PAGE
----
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  • Aram Mitchell

the sturdy pine


There's this old Hebrew story about a man camped out on the bank of a river, on the brink of a struggle. By most accounts he’s been successful, but he’s making some changes in his life. He’s thinking of letting go of some of his old tricks and habits and heartaches. He's entertaining the possibility of laying down his ego and asking for some help, asking for some love. The way I read the story, he's isolated himself for one long night of discernment, before crossing over into a new way of being.

And there in his solitude, at the edge of the wilderness, he's confronted by a figure. It’s some sort of angel or feral deity sent on a universal errand. And the two of them, the human and the divine, they wrestle all through the dark night.

All last week I tried to relax. I tried so hard that I worked myself into a tangle of tension. Funny how you can't really force rejuvenation; how renewal doesn't really respond to effort; how transformation, more often than not, creeps up on you unaware.

One morning last week, trying to relax, I read myself into a tizzy. I took deep breaths. I stared out the window until I just about broke. Nothing. So I put on my boots and rage hiked to a spot in the woods that I call The Hermitage, where a stand of pine trees spread out on the bank of the river and grow up tall and make the ground soft with loose needles from years gone by. I found the biggest pine tree I could, perched right there on the edge of a six foot drop into the river's roll.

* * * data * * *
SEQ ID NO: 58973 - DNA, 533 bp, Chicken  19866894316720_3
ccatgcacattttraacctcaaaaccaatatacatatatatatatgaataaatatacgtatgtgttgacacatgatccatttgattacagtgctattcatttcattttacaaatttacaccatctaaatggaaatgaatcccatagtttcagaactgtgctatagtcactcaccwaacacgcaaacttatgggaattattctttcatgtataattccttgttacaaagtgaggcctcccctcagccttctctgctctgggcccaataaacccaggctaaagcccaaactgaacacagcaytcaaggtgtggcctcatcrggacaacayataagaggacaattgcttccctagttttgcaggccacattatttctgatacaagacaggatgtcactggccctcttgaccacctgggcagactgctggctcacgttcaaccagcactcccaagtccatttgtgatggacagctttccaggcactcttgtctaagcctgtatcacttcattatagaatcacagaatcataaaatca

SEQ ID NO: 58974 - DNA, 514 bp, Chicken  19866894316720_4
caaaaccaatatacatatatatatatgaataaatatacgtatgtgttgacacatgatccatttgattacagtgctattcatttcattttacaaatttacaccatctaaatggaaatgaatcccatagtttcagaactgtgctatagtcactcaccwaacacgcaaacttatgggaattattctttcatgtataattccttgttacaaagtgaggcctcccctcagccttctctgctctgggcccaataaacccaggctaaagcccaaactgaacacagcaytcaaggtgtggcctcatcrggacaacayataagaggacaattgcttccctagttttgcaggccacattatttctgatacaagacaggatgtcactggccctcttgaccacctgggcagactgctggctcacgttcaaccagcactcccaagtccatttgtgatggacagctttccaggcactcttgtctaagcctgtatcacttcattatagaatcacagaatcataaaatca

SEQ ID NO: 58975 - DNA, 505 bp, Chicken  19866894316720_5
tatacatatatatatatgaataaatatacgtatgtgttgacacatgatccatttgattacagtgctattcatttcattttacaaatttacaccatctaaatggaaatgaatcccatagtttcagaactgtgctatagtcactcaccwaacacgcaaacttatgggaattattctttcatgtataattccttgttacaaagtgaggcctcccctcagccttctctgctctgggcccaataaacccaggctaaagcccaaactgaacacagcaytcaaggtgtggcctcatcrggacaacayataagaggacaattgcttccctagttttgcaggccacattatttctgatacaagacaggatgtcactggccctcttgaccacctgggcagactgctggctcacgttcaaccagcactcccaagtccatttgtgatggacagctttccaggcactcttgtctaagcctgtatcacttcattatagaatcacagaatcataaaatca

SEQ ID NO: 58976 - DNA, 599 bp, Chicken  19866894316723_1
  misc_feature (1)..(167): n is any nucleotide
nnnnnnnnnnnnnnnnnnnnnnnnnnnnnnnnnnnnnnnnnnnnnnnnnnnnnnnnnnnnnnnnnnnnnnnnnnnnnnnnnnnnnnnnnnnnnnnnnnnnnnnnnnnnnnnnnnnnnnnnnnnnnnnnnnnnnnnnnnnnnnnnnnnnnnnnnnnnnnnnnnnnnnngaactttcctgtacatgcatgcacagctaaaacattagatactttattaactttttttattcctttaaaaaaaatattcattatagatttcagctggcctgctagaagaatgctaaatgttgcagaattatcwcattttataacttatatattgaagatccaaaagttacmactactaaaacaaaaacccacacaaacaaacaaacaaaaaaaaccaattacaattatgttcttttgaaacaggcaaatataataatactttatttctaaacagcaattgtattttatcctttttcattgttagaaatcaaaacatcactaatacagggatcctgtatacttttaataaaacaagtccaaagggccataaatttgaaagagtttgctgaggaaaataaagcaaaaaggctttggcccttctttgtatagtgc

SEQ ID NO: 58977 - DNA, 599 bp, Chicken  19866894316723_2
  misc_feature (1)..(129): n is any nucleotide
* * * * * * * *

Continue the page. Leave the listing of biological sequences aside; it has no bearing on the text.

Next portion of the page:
I leaned my full weight into that pine, hands splayed against the harsh bark of the trunk, and I pushed. I pressed all of the tension of my soul into every fiber of muscle and I pushed it all against the trunk of that tree. I put every ounce of me into that push.

The pine, of course, didn't budge. It's been standing there two, probably three times longer than I've been drawing breath. Making for itself a slow steadiness from the alchemy of soil and sunshine and the river's flow.

In the old Hebrew tale the human and the divine wrestle until morning, until they're both worn out, until every spasm of muscle and spirit collapses into mutual surrender. The divine walks away, I imagine, with a smile on its face. The human walks away with a limp and a blessing.

After my push I collapsed at the base of the pine and leaned back catching rain drops on my face, feeling like a toddler sufficiently tantrummed.

But feeling also like the grown man that I am, the one with a good heart, who wants to help save the world, who wants to practice care for the long haul, who wants to hold all the tension with grace. The thing I felt the most was: no wonder. There's a lot going on. You have a tender heart. No wonder you get to feeling all bound up from time to time and need to go push against something bigger than you. No wonder. Now walk back home, with your hamstrings cramped from the struggle, and be blessed.

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